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What guidance is there for facilitating sessions with adolescents?

This article will look at areas to consider when planning for and facilitating your session: the culture, your role, participation, and engagement.

Tips and Hints for Facilitating Activities with Adolescents

Facilitating activities with adolescents can be challenging. It is a skill that develops with practice. Adolescents value authenticity; while facilitating may force you out of your comfort zone, there is no need to adopt a new persona to garner the respect of adolescents. This article will look at four areas to consider when planning for and facilitating your session.


At the core of facilitating a successful activity for adolescents is creating a positive culture in the setting where the activity will take place. While there are many components of a positive culture, here are three concrete steps a facilitator can take to develop one.

  • Model behaviors: At the core of a positive environment is the tone you set through your relationships with adolescents. Sincerity, respect, and empathy are essential for gaining adolescents’ trust, and practicing these qualities models the behavior you expect from them.
  • Break the ice: Keep in mind that everything from social dynamics to family matters can preoccupy an adolescent. Beginning with a quick icebreaker activity gives adolescents the opportunity to transition to your session and fosters a sense of fun and openness through an activity that anyone can do.
  • Develop norms: Before beginning any type of activity beyond an icebreaker with a group of adolescents, it is important to establish group norms. These norms are not meant to be punitive; rather, they allow adolescents to establish the rules they want shaping their session.

Facilitator’s role

As a facilitator, you ensure that activities go smoothly while also challenging and encouraging adolescents. The acronym LEAN provides a helpful framework for your role.

  • Listening: Model active listening when adolescents speak. As adolescents work through an issue, reflect back what you have heard rather than offering advice. This can be particularly helpful when adolescents disagree. Instead of jumping in and trying to solve a problem, you can mediate a conversation between adolescents by reflecting back what you have heard and helping them reach a conclusion together.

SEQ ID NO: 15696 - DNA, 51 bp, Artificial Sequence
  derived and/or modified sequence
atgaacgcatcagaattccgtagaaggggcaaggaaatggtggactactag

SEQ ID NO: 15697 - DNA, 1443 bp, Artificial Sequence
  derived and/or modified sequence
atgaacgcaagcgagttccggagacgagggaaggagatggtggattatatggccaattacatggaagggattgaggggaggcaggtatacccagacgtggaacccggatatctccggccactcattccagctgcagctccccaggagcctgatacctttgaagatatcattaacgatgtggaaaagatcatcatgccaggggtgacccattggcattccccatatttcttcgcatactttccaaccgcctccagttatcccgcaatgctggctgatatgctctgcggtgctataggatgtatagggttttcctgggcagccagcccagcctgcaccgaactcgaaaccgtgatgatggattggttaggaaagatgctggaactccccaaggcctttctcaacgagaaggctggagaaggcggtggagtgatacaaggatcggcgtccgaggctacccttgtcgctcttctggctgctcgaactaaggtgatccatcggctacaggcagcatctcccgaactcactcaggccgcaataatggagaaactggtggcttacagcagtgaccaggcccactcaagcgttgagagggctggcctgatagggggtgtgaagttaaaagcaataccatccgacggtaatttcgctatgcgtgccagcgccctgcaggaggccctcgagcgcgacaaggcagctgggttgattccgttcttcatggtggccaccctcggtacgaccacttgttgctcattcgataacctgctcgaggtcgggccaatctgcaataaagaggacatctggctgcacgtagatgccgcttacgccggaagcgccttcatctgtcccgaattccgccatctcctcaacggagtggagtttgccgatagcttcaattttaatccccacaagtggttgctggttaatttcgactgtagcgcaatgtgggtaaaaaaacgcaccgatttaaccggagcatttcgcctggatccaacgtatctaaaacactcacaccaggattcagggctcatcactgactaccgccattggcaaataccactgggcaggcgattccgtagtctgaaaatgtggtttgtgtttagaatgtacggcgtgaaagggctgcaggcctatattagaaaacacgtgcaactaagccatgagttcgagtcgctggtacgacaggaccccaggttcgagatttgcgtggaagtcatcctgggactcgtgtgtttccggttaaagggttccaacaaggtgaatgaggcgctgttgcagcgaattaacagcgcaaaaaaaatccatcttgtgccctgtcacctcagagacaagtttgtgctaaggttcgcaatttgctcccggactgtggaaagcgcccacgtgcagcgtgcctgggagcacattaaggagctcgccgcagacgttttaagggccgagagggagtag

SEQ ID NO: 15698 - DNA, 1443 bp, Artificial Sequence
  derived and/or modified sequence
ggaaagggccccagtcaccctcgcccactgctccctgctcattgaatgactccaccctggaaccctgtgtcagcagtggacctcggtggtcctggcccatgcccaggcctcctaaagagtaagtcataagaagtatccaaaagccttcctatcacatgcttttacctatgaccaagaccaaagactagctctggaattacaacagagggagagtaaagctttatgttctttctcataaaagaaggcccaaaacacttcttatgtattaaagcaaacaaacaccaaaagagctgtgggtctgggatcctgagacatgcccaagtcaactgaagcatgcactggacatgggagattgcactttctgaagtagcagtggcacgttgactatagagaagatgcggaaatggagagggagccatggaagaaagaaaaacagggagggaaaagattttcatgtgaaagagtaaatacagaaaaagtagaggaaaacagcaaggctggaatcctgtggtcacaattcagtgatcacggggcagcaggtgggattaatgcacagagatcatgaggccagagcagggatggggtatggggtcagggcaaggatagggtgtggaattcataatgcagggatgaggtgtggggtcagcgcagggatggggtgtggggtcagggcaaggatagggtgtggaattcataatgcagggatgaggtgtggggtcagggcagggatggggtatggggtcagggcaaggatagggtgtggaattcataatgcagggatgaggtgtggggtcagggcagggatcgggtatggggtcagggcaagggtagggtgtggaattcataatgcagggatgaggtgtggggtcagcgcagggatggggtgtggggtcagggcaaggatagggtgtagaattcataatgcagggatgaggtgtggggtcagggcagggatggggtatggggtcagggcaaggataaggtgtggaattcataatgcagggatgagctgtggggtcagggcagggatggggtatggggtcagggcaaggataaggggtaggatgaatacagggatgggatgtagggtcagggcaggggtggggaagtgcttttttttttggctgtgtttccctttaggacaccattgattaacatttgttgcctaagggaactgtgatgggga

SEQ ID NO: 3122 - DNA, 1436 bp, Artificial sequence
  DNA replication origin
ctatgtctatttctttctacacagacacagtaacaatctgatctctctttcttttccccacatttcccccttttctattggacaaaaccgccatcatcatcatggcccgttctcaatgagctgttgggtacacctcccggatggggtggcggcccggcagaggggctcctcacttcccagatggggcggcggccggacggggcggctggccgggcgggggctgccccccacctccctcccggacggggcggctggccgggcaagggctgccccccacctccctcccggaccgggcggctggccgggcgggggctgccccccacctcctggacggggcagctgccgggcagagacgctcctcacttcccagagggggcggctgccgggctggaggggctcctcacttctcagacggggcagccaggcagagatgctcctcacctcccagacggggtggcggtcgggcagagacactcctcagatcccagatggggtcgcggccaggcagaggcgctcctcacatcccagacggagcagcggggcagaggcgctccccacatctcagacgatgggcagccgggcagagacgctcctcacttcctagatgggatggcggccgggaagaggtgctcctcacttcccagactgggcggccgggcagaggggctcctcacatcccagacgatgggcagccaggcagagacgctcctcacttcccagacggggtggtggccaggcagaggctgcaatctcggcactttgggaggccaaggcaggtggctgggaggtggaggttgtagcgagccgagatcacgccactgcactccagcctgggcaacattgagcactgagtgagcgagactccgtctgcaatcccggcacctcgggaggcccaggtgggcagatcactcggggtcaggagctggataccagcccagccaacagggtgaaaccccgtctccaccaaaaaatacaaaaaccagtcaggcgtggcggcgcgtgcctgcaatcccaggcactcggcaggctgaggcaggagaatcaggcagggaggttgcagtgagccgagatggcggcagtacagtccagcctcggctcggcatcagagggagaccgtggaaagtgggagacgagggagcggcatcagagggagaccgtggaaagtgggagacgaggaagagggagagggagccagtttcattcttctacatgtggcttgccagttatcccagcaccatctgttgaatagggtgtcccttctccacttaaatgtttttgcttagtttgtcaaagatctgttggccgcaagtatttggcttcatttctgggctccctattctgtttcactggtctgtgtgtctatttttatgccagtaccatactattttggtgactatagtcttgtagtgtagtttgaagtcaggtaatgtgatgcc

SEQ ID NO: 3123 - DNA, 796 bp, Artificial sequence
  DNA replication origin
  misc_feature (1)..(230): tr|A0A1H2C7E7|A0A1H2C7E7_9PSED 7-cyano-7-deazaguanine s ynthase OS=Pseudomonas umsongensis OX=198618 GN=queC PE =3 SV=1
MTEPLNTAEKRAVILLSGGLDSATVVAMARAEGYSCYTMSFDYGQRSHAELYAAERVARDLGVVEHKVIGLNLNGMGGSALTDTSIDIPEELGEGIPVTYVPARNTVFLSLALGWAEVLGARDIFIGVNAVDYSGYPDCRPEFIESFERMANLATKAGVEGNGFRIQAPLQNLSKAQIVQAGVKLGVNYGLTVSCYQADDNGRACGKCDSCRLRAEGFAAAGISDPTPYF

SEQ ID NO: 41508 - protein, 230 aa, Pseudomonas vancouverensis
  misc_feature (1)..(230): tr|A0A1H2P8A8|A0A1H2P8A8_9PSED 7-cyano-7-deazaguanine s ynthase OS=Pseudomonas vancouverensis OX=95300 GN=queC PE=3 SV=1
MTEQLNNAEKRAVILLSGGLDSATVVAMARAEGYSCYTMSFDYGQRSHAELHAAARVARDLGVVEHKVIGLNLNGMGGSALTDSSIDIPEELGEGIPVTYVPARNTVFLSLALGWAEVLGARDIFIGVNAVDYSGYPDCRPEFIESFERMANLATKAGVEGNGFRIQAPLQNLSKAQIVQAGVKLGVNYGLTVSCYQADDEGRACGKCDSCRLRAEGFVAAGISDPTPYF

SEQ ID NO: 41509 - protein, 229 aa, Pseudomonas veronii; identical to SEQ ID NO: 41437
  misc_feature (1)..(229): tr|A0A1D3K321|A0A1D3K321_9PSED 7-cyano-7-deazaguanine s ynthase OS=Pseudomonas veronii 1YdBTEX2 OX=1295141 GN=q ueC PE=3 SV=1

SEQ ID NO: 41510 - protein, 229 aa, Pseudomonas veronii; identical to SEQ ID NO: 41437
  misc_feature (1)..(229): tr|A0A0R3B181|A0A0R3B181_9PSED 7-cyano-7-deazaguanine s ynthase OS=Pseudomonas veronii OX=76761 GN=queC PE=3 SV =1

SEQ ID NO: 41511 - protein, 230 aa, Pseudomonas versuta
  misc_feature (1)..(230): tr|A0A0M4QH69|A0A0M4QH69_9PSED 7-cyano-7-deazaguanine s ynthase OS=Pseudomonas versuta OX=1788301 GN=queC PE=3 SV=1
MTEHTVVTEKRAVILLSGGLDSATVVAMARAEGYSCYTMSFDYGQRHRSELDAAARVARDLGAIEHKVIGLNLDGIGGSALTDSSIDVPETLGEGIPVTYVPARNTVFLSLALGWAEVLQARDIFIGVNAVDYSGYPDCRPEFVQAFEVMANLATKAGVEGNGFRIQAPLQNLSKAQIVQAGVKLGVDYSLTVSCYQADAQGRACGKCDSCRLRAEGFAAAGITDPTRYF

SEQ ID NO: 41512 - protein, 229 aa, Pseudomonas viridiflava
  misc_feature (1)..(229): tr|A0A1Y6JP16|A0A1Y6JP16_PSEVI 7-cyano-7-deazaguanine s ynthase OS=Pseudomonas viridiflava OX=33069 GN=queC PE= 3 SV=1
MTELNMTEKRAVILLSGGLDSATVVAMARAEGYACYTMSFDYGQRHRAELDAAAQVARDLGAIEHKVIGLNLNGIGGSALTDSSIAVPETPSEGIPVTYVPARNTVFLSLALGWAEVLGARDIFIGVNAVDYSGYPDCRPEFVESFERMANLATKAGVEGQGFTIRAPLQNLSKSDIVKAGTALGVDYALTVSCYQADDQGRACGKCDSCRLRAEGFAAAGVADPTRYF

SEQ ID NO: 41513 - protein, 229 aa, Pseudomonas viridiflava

• Energy: Approach each activity with enthusiasm and energy. Encourage adolescents to persist through a problem on their own or with one another. When necessary, ask questions to help them think through a problem.
  • Availability: Cultivate an approachable demeanor by reminding adolescents that you are available to answer any questions. Respond to all questions with respect and sincerity.
  • Neutrality: It is important not to judge ideas. Show respect for different viewpoints and allow adolescents to express their thoughts. Be attentive and intentional about whether and when you share your own beliefs or ideas. If you feel a discussion has gone too far and adolescents’ ideas are not being respected, do not hesitate to step in and redirect the conversation.


Depending on the adolescent(s), participation may come naturally, or it may not. Be aware that participation starts with a positive setting; if this does not exist, adolescents are less likely to trust one another and will be less likely to share their ideas. Here are some additional tips to create a culture of participation.

  • Avenues of entry: Incorporate multiple ways for adolescents to participate in a discussion or activity that are not necessarily reliant on speaking.
  • Think time: As tempting as it can be to jump into a question and ask for adolescents’ reactions, stop and give them time to think! Embrace silence and do not expect an immediate response.
  • Clarity: It is important to anticipate and plan for the different questions or points of confusion that an activity or question will elicit and have a plan for how you will address these. Be ready to explain, demonstrate, and appropriately scaffold complex activities.


Keeping adolescents engaged in a topic or activity is vital to its success and potential to have a lasting impact.

  • Real-world guiding questions: When possible use thought-provoking, complex questions that cannot be answered with ‘yes’ or ‘no’ to guide an activity. These questions are often theoretical with no clear answer such as “Which is more powerful in today’s world: good or evil?”
  • Adolescent-designed activities: Allow adolescents an active role in designing and leading activities. The more autonomy you can give adolescents in making decisions that impact them, the more likely they will be to engage.
  • Opportunities to share ideas and work: The opportunity to share their work and receive feedback and affirmation from peers and you are a developmental priority for adolescents; incorporate ample opportunities in an activity’s structure for both formal and informal sharing of ideas.
Axner, M. (n.d.) Developing facilitation skills. Lawrence, KS: Center for Community Health and Development at the University of Kansas.
Center for Teaching Excellence (n.d.). Teamwork skills: Being an effective group member. Waterloo, Canada: Centre for Teaching Excellence, University of Waterloo.
Facilitators Network Singapore (n.d.). 10 tips for facilitating group activities. Singapore: Facilitator’s Network Singapore.
Wyman Teen Outreach Program (2017). The importance of strong, supportive teen-adult relationships. Eureka, M: Wyman Center.
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